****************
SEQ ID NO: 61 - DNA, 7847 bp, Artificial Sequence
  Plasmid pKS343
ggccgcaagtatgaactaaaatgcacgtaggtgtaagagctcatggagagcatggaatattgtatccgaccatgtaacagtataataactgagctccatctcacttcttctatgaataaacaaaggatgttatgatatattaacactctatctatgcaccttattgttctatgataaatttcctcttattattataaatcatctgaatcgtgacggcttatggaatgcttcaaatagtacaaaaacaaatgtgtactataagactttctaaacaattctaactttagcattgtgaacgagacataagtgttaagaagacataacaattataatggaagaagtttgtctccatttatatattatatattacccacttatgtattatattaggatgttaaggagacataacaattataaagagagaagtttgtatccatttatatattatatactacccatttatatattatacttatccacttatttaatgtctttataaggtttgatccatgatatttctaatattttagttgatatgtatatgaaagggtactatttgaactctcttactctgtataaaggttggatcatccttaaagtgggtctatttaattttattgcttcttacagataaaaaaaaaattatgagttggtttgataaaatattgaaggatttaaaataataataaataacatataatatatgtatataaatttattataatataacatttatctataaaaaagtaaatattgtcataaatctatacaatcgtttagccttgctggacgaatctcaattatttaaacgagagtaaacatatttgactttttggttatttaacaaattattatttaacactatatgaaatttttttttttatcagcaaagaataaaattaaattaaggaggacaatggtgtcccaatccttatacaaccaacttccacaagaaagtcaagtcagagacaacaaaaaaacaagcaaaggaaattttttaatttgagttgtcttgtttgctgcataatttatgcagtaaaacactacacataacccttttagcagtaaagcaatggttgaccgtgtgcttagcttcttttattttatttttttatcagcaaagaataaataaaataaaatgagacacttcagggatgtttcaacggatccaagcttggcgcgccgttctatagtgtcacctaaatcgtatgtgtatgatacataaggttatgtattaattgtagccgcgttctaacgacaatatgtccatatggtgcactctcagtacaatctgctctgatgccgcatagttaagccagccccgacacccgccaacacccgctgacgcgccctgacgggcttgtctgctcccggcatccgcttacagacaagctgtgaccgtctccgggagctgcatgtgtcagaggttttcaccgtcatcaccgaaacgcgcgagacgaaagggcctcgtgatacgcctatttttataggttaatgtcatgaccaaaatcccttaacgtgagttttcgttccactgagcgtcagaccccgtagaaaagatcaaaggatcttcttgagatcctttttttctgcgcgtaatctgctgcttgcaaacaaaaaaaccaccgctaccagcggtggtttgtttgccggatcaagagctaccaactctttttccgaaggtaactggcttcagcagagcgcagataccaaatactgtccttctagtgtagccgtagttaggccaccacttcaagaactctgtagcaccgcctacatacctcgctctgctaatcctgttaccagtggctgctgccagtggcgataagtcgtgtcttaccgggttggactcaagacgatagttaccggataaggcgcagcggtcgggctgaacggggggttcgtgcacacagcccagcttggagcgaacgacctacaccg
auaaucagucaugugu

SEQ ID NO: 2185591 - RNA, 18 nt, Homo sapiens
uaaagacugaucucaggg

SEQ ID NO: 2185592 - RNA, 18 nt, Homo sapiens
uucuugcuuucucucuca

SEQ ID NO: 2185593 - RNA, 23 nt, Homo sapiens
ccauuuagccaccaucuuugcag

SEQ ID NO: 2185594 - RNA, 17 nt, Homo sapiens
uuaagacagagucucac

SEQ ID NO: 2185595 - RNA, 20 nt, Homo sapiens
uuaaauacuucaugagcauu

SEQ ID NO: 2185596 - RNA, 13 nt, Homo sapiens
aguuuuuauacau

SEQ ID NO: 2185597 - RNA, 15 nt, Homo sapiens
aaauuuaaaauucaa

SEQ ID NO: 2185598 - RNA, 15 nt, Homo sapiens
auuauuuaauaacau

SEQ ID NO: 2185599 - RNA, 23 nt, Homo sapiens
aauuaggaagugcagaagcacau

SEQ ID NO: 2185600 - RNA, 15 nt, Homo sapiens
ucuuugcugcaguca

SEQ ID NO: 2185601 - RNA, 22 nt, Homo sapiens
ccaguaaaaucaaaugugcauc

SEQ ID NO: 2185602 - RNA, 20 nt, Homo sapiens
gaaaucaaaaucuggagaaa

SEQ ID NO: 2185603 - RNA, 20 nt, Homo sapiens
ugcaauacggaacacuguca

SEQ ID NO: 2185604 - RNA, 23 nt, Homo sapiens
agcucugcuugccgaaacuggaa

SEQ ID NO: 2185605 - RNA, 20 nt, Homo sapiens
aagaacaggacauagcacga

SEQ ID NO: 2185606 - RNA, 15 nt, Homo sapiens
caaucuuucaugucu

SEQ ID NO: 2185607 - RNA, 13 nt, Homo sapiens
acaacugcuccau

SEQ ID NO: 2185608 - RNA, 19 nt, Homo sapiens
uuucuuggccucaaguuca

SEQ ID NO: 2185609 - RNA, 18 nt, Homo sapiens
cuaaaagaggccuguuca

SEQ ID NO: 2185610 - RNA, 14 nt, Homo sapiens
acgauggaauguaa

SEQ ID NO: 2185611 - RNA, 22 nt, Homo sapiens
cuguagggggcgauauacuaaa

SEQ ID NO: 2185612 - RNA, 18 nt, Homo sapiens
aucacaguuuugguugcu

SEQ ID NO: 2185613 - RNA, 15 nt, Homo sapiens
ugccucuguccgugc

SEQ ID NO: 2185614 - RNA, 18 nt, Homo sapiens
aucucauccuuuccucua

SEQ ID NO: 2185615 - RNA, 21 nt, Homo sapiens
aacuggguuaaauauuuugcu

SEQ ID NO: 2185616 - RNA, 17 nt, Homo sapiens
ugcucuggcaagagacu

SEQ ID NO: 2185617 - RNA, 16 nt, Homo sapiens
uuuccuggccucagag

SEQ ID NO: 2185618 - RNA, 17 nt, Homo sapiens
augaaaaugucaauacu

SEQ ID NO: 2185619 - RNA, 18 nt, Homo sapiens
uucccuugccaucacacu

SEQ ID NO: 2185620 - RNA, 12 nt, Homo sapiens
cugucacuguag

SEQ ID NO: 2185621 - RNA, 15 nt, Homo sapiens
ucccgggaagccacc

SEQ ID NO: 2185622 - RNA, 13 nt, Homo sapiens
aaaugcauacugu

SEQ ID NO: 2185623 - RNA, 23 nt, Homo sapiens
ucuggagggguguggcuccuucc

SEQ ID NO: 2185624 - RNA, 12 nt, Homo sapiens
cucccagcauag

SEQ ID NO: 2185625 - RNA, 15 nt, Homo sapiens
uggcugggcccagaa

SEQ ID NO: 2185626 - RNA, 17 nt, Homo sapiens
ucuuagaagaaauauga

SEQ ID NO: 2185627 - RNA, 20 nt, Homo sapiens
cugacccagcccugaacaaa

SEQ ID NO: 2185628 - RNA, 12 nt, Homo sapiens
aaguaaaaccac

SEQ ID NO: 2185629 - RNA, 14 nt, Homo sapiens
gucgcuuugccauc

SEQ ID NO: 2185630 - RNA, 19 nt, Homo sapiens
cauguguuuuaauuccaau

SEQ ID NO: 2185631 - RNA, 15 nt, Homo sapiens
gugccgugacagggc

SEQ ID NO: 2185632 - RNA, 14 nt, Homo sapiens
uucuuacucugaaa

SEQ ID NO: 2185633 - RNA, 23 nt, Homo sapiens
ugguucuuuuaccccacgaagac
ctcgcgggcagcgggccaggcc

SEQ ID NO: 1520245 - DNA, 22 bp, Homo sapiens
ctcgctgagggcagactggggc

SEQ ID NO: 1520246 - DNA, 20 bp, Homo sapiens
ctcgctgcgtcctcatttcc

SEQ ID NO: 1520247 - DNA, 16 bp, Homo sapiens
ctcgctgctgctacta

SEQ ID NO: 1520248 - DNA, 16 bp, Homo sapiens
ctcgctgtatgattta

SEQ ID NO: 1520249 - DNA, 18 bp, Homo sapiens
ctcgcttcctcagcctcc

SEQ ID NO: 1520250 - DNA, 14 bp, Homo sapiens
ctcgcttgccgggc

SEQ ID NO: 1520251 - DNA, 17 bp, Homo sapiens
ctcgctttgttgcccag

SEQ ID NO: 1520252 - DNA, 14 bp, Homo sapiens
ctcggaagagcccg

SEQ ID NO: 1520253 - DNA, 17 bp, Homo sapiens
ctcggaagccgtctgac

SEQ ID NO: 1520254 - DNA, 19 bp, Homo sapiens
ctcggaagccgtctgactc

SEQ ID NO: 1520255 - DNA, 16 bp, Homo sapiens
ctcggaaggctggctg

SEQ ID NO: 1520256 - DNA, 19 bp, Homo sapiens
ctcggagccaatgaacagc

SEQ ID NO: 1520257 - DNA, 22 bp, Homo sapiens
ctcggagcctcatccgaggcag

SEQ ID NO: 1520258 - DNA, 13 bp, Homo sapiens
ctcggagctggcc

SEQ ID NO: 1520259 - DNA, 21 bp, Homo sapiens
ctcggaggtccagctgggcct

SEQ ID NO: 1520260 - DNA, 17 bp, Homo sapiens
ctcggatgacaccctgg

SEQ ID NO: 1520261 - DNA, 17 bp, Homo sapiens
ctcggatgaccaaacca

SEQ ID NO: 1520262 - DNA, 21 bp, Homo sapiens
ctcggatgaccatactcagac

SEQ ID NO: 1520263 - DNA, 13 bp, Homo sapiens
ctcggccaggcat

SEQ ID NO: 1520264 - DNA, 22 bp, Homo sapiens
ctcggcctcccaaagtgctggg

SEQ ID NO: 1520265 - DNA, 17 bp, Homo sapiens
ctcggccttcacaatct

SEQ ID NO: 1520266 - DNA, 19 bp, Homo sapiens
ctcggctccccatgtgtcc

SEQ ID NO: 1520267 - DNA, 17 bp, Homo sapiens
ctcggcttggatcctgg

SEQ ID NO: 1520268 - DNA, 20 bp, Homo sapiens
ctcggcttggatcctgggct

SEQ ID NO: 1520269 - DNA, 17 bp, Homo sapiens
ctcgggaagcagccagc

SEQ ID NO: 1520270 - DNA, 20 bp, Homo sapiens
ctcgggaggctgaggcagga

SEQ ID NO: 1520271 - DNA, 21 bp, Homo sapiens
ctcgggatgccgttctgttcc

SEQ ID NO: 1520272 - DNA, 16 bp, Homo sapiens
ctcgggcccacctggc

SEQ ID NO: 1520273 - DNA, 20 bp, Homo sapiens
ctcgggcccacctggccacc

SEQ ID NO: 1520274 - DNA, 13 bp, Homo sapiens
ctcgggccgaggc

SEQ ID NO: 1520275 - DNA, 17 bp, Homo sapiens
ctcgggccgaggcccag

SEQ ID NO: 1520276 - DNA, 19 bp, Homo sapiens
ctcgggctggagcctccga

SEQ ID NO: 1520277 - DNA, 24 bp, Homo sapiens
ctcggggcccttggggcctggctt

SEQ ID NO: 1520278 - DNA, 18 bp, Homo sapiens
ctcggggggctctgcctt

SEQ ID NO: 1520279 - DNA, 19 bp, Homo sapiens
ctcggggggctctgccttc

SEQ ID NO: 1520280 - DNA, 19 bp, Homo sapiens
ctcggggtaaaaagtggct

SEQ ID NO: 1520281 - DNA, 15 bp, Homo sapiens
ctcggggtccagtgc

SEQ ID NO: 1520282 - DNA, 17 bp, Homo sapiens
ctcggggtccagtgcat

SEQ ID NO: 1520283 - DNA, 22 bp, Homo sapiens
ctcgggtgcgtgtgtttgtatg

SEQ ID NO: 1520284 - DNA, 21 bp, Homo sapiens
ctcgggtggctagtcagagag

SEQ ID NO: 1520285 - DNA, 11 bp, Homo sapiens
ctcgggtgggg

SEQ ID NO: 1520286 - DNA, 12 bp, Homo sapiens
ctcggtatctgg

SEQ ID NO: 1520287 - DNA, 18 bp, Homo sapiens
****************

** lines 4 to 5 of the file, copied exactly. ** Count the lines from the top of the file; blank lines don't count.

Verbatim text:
auaaucagucaugugu

SEQ ID NO: 2185591 - RNA, 18 nt, Homo sapiens